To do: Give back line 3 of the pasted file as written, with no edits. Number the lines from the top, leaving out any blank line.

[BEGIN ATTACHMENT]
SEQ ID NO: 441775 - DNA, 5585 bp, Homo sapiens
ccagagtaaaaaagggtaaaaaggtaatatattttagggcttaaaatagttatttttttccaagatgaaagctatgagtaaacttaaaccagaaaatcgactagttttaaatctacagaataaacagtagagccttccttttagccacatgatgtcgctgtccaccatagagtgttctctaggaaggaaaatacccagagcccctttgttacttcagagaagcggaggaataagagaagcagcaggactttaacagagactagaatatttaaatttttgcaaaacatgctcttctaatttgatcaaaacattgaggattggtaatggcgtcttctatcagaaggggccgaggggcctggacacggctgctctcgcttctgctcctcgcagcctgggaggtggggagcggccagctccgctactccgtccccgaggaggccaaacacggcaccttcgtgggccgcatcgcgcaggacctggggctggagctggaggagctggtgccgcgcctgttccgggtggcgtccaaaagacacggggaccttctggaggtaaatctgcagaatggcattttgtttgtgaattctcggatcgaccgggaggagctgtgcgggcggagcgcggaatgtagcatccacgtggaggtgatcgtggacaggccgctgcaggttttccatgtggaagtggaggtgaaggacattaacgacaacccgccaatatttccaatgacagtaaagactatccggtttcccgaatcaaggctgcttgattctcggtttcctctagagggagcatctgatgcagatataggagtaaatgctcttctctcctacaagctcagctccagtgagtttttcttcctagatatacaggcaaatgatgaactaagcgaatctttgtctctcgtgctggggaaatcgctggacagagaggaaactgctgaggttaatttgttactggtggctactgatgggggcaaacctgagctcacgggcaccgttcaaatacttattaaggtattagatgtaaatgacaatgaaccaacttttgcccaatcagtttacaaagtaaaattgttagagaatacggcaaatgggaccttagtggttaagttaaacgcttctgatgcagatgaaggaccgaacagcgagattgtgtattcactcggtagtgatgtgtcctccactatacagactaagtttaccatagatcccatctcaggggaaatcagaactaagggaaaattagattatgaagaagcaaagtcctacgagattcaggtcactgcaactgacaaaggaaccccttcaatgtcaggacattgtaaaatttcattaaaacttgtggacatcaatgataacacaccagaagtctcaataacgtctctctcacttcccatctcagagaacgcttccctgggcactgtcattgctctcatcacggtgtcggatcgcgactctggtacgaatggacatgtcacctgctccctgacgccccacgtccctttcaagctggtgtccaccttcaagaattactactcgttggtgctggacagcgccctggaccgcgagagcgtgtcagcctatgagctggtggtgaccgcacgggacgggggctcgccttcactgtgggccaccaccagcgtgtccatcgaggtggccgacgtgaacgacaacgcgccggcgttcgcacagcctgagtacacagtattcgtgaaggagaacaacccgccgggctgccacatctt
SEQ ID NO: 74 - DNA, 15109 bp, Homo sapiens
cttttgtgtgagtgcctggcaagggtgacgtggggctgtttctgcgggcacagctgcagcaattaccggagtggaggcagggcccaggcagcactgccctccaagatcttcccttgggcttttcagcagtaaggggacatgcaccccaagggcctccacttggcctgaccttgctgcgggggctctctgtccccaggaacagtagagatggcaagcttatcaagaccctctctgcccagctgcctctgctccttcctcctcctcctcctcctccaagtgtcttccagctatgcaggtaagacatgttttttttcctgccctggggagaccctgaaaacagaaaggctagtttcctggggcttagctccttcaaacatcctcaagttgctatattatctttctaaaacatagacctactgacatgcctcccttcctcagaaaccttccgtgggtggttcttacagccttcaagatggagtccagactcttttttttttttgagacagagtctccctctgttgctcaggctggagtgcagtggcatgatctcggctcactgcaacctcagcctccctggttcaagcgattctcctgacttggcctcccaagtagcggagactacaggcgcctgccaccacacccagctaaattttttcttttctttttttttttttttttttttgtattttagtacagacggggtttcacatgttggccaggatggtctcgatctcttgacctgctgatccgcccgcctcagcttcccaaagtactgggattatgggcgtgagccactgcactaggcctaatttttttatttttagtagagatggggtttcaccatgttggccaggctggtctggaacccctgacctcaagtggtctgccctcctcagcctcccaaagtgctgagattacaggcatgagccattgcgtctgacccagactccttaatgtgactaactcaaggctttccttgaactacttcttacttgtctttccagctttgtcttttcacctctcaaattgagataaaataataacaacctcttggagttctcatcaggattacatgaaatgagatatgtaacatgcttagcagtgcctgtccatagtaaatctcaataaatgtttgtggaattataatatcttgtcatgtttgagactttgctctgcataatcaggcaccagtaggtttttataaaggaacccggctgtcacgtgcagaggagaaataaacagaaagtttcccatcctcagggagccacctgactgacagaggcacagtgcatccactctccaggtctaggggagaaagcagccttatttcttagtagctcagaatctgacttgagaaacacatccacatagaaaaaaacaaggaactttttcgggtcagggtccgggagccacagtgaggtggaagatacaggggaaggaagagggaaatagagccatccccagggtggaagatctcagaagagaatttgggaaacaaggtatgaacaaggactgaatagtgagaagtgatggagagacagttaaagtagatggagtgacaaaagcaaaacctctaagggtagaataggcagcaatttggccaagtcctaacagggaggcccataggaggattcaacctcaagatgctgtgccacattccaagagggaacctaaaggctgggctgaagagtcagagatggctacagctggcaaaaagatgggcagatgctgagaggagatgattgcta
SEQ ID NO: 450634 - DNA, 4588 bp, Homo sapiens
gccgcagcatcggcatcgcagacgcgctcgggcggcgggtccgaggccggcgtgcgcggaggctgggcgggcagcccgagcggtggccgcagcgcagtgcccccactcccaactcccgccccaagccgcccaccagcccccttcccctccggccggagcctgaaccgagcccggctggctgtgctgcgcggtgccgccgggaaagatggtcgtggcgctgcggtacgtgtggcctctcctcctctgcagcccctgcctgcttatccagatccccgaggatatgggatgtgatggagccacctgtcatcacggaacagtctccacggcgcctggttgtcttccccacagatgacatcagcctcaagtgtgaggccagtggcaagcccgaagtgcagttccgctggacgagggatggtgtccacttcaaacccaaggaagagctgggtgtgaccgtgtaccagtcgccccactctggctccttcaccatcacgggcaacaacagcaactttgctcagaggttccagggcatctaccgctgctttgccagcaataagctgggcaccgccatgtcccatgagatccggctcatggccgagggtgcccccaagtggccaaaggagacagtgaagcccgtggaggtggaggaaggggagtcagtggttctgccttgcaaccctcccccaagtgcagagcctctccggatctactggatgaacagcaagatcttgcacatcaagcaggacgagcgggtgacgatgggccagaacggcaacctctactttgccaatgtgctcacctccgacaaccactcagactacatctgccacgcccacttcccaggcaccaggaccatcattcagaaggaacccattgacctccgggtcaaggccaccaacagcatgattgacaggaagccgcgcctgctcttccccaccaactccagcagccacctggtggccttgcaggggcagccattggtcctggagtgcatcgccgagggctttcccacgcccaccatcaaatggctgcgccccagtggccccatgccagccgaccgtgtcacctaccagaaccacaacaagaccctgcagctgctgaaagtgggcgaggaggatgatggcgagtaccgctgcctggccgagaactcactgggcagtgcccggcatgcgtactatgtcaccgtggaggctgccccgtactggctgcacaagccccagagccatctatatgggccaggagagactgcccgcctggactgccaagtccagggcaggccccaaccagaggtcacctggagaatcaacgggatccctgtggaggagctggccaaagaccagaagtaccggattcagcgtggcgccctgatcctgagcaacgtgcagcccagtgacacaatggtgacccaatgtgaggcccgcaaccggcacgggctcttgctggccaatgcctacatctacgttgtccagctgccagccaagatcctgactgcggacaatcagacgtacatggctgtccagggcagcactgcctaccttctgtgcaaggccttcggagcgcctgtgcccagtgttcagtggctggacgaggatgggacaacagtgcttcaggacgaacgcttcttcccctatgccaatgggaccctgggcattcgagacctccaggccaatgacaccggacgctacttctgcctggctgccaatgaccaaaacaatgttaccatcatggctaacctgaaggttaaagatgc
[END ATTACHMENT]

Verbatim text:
SEQ ID NO: 74 - DNA, 15109 bp, Homo sapiens